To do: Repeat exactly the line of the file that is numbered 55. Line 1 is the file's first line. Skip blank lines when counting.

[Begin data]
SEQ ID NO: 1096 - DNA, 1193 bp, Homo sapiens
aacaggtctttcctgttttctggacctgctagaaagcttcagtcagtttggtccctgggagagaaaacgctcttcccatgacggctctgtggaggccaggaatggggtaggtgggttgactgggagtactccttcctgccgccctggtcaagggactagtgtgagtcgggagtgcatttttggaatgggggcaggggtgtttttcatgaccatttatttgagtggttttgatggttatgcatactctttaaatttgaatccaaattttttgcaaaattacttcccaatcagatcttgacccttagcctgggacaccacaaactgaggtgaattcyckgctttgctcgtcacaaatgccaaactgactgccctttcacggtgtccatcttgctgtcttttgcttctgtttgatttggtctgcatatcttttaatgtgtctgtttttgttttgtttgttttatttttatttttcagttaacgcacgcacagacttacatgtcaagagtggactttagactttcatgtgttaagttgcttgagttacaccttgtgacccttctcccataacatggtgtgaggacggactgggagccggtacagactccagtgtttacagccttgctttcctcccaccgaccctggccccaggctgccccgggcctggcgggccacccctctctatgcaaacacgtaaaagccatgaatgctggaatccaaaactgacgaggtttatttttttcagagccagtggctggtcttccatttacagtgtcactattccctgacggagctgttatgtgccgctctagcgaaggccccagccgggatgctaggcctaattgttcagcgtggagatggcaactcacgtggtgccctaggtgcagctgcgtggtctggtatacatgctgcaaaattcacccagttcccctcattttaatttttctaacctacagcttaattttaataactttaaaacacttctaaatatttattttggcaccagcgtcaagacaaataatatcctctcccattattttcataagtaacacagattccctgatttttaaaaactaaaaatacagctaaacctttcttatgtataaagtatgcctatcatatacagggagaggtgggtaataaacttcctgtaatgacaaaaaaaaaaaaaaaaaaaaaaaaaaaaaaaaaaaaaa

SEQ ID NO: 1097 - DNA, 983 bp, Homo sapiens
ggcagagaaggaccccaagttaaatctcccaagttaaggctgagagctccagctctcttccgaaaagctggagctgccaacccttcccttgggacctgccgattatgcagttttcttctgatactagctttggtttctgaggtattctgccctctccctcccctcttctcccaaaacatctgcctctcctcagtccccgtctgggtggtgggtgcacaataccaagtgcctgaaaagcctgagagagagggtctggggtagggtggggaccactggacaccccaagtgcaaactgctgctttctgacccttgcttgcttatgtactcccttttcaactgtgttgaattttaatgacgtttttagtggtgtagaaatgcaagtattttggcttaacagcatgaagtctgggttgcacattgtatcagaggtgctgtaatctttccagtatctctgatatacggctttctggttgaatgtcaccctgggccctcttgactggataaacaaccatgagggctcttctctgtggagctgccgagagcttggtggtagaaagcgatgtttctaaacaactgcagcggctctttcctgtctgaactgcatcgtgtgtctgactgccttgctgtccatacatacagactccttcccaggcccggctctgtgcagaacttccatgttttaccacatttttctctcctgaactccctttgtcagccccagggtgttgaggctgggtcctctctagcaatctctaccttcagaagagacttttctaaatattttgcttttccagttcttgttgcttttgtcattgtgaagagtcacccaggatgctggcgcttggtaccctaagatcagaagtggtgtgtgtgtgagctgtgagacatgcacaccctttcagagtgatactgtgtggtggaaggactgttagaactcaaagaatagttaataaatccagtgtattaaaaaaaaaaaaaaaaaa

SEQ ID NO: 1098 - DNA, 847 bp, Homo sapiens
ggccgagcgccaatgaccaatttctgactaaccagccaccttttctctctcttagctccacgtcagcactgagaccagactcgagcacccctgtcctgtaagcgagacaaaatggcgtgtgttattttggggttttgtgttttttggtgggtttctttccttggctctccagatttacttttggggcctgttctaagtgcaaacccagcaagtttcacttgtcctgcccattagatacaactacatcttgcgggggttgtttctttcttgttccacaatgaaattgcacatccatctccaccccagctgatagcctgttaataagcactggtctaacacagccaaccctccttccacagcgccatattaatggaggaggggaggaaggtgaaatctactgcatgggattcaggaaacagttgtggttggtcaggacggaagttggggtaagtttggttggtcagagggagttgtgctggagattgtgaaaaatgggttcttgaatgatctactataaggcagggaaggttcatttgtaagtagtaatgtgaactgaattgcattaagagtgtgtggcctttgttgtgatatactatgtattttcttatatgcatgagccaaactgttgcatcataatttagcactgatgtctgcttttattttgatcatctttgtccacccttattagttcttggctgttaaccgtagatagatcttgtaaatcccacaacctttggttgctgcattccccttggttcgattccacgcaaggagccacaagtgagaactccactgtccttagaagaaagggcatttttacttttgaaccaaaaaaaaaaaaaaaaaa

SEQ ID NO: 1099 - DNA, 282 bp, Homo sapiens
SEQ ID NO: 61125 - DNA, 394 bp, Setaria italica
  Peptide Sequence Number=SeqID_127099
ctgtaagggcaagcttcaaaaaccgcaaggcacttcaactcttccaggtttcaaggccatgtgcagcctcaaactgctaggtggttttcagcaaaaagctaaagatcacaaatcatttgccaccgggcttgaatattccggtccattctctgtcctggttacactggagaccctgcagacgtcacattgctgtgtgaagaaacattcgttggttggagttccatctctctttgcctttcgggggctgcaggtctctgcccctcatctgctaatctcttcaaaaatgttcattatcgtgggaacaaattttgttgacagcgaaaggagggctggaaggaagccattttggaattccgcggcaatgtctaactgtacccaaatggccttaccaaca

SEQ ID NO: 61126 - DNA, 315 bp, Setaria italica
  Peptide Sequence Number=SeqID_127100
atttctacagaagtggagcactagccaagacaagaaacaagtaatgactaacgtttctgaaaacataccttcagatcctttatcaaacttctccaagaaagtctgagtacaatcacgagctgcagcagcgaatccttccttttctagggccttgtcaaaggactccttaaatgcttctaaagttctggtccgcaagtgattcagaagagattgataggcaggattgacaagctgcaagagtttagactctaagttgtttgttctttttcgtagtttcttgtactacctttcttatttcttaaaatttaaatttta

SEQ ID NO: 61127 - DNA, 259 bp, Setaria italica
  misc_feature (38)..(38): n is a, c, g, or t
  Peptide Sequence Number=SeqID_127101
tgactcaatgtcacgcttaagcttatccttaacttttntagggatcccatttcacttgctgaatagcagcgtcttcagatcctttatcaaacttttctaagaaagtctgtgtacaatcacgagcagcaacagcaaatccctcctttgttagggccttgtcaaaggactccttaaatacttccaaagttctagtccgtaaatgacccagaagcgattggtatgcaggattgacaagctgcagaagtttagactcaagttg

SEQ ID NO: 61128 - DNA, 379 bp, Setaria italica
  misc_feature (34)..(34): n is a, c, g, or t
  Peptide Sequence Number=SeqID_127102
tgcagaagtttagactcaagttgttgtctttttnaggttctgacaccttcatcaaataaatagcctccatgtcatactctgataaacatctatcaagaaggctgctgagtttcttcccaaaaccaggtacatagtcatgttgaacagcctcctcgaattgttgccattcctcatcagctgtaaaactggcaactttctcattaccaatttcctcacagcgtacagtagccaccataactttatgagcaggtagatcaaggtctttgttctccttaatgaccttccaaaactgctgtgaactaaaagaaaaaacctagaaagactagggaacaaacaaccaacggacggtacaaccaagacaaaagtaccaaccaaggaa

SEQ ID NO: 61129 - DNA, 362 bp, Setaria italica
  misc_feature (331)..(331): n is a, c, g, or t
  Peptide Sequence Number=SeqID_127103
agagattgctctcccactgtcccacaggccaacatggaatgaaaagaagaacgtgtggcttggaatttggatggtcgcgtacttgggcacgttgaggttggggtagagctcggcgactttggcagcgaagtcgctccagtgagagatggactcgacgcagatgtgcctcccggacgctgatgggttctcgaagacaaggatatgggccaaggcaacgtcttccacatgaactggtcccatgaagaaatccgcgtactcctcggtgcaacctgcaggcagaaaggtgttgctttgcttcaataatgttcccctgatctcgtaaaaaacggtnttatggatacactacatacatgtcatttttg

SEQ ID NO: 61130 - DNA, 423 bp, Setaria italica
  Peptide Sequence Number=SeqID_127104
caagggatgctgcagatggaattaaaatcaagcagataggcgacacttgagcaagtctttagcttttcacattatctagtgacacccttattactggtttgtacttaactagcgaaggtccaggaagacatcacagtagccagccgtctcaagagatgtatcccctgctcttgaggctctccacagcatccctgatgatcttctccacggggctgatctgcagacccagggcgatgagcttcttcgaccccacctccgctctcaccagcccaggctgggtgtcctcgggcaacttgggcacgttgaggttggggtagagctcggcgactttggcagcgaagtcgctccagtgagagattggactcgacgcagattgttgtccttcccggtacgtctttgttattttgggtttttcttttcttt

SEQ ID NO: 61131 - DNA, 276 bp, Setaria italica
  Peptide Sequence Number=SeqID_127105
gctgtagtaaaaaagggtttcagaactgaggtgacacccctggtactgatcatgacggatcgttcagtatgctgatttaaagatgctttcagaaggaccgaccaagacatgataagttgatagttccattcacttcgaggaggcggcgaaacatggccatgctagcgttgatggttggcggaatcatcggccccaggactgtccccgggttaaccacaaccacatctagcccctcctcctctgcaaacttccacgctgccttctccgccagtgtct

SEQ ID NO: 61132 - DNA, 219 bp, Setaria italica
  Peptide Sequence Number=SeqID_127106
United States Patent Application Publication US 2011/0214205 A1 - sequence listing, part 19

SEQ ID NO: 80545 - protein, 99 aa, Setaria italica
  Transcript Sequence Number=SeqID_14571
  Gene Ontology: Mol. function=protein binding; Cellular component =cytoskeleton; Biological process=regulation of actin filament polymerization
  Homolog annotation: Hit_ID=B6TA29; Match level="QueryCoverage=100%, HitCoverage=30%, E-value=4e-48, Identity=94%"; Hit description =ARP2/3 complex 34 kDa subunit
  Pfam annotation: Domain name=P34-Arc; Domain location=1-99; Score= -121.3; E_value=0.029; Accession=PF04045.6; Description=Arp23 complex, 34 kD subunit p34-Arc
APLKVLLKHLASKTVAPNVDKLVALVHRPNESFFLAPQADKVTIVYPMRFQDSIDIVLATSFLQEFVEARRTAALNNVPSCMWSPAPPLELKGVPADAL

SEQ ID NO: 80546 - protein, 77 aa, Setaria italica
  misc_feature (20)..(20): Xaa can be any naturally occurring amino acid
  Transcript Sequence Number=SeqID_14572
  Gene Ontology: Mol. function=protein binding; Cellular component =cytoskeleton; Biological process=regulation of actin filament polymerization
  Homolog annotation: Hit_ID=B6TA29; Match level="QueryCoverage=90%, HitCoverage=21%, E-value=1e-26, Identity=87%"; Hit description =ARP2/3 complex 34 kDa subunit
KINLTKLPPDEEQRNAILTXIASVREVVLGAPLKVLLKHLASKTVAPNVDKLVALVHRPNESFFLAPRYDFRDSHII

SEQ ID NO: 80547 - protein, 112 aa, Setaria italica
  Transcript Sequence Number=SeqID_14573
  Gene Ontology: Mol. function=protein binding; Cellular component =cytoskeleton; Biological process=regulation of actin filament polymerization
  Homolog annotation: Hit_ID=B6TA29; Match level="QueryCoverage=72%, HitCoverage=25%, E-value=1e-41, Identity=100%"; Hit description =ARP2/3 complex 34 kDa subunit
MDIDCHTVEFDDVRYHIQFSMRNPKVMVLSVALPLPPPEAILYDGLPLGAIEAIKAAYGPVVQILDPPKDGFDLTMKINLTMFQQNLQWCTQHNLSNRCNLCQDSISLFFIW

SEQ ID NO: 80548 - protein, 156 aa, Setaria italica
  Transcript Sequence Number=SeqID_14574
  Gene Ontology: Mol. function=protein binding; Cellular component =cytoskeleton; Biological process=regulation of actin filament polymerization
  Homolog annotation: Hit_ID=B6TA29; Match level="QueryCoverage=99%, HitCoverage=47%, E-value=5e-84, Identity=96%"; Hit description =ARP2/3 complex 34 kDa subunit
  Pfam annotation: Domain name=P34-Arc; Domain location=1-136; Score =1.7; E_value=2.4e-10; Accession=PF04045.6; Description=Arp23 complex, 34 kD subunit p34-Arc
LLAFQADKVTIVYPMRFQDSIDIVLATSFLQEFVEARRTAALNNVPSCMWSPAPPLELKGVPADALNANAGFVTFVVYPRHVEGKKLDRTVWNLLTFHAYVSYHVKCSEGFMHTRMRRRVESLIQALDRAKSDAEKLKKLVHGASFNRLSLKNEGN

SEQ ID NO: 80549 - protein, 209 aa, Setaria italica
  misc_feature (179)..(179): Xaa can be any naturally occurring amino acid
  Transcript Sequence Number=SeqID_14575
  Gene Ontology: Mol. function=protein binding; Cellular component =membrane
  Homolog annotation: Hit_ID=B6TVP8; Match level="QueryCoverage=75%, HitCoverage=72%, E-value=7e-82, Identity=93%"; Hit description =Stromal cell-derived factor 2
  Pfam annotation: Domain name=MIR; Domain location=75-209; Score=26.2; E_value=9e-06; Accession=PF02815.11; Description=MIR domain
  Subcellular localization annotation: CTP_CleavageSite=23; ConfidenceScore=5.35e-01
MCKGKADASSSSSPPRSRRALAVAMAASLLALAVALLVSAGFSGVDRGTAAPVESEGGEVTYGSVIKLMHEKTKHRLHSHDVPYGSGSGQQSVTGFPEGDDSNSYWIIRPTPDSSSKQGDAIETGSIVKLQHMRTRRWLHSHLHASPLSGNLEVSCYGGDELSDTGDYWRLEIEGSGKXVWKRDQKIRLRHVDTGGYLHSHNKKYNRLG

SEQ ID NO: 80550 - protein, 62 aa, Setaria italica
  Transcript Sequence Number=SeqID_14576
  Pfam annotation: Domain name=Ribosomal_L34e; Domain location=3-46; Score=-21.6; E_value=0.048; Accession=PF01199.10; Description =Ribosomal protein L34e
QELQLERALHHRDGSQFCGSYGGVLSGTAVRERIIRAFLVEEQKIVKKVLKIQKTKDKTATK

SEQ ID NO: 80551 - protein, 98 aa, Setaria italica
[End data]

  Homolog annotation: Hit_ID=B6TA29; Match level="QueryCoverage=99%, HitCoverage=47%, E-value=5e-84, Identity=96%"; Hit description =ARP2/3 complex 34 kDa subunit